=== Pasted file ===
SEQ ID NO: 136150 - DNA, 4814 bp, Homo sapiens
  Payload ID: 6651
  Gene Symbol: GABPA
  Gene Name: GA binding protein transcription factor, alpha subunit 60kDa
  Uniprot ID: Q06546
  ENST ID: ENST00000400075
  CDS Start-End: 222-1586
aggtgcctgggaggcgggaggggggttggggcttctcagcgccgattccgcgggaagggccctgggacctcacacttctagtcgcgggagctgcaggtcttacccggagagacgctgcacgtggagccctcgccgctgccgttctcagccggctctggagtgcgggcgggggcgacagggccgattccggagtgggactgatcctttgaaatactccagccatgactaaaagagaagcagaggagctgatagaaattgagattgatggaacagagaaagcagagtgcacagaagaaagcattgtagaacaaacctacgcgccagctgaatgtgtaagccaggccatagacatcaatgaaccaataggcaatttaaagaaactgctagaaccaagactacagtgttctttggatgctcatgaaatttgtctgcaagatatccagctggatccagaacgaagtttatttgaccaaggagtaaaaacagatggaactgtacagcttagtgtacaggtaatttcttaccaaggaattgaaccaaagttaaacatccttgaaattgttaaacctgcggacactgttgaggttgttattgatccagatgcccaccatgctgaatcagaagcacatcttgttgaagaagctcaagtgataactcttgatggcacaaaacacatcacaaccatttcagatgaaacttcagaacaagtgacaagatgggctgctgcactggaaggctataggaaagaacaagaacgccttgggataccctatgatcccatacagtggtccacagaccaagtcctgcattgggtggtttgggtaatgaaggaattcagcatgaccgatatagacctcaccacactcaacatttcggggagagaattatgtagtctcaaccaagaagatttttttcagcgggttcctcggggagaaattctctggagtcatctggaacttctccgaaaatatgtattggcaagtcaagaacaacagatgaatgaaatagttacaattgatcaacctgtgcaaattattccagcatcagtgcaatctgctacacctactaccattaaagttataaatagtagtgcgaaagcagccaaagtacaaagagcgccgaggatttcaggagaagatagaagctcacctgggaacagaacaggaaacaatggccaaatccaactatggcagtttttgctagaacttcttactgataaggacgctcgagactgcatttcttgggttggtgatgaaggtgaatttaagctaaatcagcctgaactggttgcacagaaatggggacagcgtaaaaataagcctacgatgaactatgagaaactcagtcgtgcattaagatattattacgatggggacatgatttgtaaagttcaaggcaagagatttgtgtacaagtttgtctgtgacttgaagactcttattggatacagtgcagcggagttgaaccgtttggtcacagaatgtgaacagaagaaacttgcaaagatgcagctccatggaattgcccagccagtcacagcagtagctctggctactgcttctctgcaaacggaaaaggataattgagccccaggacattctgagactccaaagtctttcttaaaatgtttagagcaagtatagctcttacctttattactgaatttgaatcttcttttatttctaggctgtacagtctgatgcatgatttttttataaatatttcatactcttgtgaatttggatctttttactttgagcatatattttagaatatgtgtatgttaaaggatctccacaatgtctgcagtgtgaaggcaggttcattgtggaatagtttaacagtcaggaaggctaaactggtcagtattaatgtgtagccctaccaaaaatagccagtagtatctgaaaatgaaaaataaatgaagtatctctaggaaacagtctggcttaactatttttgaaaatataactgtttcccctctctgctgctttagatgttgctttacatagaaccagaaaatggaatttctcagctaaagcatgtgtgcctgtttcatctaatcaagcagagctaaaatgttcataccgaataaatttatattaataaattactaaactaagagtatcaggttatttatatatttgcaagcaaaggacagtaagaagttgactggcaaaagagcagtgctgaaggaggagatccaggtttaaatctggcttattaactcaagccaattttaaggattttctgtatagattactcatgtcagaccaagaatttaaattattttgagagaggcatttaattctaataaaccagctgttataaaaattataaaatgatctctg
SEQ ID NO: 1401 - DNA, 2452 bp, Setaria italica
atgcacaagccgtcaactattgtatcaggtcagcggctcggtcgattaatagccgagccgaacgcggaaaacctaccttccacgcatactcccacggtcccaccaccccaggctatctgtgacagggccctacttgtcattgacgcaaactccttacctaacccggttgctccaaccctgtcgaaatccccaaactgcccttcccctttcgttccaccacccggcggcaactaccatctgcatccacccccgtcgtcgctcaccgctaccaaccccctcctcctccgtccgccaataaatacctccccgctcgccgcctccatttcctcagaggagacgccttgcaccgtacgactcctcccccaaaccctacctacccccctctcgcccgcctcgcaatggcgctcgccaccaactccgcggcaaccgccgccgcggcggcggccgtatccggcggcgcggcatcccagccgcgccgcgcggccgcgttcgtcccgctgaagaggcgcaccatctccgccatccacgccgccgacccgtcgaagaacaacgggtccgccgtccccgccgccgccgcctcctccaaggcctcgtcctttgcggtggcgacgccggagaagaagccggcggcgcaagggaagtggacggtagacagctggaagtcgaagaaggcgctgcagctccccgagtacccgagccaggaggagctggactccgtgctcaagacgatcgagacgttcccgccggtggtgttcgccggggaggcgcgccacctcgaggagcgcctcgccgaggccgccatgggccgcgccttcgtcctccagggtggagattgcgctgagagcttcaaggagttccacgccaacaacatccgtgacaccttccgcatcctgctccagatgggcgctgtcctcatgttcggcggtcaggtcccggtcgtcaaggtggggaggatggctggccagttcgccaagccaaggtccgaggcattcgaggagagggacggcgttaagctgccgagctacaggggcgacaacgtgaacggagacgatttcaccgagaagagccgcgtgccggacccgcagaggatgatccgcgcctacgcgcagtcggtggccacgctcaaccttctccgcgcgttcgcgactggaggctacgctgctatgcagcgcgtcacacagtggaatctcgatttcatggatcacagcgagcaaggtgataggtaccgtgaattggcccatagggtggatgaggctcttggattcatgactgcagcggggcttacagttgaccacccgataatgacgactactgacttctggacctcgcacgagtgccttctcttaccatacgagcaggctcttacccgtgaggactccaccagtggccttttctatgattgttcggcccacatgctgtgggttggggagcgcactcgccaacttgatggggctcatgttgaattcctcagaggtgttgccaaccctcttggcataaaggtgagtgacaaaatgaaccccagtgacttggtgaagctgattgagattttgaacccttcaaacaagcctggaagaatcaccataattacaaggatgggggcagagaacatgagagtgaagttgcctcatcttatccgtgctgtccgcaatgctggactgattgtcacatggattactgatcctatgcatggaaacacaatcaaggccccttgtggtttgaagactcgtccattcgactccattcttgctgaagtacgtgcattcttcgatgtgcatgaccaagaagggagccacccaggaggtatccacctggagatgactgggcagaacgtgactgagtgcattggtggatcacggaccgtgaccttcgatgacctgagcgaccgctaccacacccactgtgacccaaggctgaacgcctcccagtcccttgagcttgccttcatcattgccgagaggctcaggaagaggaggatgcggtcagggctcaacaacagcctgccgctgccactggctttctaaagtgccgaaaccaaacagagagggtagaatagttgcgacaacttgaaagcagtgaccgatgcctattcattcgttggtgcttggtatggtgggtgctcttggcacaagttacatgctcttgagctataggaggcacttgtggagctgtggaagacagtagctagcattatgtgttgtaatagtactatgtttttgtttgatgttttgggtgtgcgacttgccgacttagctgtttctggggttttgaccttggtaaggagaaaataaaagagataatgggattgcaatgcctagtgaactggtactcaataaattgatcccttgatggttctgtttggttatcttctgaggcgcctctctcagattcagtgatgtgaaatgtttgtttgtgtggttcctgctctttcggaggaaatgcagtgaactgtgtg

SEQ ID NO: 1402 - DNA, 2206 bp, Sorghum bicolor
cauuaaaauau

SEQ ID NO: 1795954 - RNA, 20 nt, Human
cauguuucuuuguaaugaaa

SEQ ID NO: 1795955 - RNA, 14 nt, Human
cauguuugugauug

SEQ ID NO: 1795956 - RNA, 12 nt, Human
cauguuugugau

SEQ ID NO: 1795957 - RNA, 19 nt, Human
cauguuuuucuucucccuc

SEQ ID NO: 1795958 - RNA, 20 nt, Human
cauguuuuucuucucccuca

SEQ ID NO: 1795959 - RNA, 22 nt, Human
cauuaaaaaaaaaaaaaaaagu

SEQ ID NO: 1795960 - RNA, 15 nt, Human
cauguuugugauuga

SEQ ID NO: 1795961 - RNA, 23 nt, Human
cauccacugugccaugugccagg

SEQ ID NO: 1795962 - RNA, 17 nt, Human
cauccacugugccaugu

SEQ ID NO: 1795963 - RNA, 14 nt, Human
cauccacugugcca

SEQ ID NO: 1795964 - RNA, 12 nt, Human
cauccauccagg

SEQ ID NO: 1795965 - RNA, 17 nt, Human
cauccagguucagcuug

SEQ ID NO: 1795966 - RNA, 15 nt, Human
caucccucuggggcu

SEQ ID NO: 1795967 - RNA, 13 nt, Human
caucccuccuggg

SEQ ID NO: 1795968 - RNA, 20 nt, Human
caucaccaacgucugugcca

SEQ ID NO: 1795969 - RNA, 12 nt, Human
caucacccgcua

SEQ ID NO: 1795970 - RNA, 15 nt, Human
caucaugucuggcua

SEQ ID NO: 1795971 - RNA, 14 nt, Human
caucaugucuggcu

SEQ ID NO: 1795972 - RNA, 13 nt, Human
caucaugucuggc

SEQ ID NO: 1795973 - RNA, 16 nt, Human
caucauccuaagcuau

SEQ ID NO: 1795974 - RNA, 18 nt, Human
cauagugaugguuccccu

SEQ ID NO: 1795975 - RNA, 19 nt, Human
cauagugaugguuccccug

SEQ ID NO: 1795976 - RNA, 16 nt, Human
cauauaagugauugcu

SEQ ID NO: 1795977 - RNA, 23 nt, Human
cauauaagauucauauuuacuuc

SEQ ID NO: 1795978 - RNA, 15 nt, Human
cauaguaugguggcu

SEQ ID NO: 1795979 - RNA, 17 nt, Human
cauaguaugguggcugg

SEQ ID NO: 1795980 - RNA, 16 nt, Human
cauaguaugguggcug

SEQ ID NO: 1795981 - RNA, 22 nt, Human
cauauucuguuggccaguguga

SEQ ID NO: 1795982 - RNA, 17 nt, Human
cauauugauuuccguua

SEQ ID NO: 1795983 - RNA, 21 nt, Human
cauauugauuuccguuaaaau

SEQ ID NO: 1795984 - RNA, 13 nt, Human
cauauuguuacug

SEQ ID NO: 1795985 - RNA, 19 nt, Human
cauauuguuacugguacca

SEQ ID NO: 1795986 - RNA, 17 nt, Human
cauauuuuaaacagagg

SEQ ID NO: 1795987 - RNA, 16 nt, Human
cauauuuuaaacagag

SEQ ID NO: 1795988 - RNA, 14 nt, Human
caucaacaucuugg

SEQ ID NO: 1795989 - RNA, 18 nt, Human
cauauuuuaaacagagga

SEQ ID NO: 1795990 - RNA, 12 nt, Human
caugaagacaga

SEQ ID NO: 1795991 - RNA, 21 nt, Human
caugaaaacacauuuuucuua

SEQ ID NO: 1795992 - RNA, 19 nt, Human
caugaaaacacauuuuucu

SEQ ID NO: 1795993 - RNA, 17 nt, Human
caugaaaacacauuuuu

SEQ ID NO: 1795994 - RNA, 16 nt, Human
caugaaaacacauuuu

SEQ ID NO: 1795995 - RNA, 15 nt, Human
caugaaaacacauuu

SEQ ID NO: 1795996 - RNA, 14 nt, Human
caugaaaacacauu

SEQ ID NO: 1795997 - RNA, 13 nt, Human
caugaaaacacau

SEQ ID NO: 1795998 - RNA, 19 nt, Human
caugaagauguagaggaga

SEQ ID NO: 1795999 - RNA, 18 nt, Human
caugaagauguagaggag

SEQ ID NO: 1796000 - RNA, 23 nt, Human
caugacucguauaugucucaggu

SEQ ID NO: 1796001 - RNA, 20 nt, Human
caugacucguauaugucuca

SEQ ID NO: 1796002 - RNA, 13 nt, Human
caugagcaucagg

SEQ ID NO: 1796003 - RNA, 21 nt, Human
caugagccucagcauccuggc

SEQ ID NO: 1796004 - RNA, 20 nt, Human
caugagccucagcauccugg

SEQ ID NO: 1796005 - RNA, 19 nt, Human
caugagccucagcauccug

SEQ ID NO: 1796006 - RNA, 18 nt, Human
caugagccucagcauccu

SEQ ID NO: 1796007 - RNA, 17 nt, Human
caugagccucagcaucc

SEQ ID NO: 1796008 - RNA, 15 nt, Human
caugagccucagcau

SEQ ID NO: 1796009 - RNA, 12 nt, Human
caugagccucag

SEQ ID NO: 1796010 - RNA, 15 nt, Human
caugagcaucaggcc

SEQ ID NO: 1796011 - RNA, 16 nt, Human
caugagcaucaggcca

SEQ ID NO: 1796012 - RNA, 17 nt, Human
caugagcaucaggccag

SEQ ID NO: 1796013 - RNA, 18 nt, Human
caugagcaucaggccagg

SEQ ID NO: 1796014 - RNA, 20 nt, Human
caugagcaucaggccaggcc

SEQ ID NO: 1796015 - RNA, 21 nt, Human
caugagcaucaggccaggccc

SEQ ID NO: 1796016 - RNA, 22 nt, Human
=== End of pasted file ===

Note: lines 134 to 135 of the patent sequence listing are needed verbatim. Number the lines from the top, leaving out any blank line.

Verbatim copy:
caugagcaucaggccaggcc

SEQ ID NO: 1796015 - RNA, 21 nt, Human